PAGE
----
- Kumar, S.; Little, P.; Britten, N. Why do general practitioners prescribe antibiotics for sore throat? Grounded theory interview study. BMJ 2003, 326, 1–6. [Google Scholar]
- Minen, M.T.; Duquaine, D.; Marx, M.A.; Weiss, D. A survey of knowledge, attitudes, and beliefs of medical students concerning antimicrobial use and resistance. Microb. Drug. Resist. 2010, 16, 285–289. [Google Scholar] [CrossRef]
- Reynolds, L.; McKee, M. Factors influencing antibiotic prescribing in China: An exploratory analysis. Health Policy 2009, 90, 32–36. [Google Scholar] [CrossRef]
- Cebotarenco, N.; Bush, P.J. Reducing antibiotics for colds and flu: A student taught program. Health Educ. Res. 2008, 23, 146–157. [Google Scholar] [CrossRef]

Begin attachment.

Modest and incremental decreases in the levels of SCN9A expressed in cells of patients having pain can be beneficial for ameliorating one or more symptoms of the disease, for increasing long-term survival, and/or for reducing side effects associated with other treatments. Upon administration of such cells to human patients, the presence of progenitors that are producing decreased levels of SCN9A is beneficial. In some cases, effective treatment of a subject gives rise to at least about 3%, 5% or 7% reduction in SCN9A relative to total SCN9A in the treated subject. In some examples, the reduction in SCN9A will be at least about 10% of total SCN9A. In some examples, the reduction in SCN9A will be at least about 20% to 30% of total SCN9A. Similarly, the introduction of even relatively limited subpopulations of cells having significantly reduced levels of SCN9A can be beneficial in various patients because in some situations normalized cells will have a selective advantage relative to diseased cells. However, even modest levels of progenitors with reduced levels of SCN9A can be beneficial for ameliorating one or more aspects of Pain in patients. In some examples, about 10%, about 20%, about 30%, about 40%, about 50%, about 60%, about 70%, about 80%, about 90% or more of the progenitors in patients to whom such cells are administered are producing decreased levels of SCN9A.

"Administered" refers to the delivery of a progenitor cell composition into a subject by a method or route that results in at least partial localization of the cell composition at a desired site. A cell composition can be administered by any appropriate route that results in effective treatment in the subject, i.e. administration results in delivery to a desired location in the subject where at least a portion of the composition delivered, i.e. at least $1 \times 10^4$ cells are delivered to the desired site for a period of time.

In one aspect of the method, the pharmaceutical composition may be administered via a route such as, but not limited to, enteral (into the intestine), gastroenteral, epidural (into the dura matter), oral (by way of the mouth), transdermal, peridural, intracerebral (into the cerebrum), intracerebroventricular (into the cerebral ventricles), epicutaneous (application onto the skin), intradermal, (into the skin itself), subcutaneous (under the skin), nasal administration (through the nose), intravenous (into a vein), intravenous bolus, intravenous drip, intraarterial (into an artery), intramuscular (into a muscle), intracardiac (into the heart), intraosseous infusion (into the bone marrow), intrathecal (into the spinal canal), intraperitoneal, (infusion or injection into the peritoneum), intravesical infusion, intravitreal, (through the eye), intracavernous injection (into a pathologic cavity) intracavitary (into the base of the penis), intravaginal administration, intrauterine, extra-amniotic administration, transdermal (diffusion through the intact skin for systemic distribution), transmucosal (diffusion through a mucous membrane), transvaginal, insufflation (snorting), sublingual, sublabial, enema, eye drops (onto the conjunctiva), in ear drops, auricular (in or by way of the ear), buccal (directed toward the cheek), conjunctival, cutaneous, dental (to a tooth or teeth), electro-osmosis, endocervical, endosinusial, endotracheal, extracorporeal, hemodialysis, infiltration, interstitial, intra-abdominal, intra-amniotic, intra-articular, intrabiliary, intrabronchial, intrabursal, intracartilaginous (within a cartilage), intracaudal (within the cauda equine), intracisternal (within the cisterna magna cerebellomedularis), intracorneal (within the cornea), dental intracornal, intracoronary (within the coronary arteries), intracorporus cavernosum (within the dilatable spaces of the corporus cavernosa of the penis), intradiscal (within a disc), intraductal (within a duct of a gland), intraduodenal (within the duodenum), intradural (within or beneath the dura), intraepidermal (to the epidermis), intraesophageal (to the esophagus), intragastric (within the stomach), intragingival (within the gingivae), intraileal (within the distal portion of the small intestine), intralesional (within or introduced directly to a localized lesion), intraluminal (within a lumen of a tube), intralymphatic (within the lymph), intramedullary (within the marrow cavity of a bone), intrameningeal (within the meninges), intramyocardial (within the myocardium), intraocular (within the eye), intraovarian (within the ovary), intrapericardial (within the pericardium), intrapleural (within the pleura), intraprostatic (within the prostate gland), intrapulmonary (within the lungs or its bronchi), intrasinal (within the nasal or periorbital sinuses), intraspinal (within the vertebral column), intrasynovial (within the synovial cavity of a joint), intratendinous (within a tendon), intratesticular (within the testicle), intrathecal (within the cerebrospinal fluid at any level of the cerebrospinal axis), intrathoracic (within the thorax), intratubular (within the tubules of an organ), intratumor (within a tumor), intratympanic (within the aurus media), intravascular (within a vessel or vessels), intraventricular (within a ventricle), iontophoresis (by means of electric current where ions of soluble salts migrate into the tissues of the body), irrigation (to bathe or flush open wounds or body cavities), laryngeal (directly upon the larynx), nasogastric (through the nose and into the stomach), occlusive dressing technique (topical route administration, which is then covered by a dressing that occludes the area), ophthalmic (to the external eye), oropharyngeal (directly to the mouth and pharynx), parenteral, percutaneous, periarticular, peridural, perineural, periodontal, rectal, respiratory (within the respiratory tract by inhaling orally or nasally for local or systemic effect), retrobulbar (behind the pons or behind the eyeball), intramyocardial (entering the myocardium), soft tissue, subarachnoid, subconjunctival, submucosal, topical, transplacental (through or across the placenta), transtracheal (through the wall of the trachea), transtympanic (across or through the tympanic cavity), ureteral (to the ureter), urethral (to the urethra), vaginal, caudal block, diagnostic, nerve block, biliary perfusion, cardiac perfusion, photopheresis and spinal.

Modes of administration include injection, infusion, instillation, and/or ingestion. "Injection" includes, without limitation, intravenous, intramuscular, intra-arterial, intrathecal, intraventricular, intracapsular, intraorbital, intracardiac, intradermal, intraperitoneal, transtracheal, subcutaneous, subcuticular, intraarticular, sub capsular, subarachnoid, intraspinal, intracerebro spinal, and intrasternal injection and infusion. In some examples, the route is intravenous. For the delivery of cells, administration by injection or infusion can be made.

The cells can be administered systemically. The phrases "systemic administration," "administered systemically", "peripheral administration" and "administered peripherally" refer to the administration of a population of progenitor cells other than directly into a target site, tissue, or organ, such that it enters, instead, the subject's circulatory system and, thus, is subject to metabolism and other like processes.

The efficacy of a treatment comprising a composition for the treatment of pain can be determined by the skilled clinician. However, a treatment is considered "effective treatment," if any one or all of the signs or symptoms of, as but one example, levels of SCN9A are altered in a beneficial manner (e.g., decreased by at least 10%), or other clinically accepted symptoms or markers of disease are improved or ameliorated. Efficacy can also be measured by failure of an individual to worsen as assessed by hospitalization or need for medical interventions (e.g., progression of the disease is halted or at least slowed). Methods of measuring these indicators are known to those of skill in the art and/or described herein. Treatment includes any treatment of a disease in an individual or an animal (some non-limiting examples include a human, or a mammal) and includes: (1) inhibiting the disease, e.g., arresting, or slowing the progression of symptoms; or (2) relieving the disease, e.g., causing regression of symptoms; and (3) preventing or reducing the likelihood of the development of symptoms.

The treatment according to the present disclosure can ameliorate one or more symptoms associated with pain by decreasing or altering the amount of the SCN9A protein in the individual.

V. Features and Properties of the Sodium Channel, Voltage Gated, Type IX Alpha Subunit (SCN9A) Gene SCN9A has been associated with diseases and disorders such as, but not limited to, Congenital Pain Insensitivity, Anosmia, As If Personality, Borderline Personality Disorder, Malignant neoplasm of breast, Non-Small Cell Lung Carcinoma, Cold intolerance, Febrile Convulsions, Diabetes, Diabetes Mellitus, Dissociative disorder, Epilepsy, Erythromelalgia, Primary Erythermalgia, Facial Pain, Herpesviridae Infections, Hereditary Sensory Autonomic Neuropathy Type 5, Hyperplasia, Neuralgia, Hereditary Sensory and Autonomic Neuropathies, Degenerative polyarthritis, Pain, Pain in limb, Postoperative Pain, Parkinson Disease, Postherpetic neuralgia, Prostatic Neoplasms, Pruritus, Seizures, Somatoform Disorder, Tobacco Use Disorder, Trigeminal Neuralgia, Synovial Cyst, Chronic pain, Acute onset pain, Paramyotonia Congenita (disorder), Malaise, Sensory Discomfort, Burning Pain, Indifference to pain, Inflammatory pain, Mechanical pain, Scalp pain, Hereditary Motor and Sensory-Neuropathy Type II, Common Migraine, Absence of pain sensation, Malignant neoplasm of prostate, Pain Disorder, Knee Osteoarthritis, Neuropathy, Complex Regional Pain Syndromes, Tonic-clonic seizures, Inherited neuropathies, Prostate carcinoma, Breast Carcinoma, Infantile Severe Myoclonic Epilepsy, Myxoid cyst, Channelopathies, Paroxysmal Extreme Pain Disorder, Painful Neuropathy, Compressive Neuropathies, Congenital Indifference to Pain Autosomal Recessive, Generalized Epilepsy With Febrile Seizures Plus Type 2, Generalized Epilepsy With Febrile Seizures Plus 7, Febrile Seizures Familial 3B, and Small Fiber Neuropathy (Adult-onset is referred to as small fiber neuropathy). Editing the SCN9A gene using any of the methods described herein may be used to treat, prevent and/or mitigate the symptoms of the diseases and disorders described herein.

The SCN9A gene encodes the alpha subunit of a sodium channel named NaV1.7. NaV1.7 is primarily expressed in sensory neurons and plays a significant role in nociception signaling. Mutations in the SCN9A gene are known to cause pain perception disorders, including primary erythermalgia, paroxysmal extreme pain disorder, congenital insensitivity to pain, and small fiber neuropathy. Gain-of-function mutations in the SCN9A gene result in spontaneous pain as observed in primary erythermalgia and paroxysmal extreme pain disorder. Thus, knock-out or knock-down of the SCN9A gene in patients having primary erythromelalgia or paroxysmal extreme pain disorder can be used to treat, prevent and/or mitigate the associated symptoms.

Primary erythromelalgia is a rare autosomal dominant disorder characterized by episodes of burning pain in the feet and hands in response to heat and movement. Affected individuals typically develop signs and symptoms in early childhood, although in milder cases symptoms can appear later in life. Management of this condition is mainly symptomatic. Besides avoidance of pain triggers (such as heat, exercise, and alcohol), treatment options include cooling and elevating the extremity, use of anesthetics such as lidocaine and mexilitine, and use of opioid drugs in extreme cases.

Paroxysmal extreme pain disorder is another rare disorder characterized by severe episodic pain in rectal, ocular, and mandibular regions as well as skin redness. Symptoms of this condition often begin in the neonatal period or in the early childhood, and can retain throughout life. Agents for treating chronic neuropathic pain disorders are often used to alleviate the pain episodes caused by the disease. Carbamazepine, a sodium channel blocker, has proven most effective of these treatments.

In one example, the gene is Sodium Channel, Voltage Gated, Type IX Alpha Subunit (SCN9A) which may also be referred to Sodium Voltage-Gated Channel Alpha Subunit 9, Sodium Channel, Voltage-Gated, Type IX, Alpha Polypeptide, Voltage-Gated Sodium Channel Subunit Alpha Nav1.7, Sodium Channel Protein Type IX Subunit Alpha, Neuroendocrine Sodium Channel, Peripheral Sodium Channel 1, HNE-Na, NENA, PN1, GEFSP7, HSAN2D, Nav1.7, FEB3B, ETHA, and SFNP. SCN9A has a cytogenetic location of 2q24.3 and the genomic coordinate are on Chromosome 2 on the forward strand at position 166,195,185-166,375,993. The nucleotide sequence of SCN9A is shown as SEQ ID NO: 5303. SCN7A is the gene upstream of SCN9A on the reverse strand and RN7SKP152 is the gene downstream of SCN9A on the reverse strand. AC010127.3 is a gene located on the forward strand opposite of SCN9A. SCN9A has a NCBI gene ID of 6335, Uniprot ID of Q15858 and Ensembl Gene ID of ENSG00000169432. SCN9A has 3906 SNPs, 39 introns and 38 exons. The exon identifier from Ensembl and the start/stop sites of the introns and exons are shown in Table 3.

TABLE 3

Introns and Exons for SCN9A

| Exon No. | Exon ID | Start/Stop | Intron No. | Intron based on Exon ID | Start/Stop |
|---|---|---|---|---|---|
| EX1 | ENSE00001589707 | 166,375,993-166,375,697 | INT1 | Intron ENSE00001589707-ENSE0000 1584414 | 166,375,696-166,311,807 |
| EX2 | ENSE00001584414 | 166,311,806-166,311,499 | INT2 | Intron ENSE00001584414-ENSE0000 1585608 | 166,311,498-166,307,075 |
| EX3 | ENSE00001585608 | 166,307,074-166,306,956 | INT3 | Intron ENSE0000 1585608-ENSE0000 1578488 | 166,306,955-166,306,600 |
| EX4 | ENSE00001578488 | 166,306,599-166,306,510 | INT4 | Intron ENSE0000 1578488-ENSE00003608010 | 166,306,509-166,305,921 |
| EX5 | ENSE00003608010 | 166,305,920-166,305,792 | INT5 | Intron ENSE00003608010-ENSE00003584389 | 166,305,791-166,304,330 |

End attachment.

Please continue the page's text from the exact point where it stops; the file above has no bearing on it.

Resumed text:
- Andre, M.; Vernby, A.; Berg, J.; Lundborg, C.S. A survey of public knowledge and awareness related to antibiotic use and resistance in Sweden. J. Antimicrob. Chemother. 2010, 65, 1292–1296. [Google Scholar] [CrossRef]
- Woodhead, M.; Finch, R. Public education: A progress report. J. Antimicrob. Chemother. 2007, 60, i53–i55. [Google Scholar] [CrossRef]
- Wutzke, S.; Artist, M.; Kohoe, L.; Fletcher, M.; Mackson, J.; Weekes, L. Evaluation of a national programme to reduce inappropriate use of antibiotics for upper respiratory tract infections: Effects on consumer awareness, beliefs, attitudes and behavior in Australia. Health Promot. Int. 2006, 22, 53–64. [Google Scholar]
- Know Your Medicine. Available online: www.knowyourmedicine.gov.my (assessed on 3 January 2012).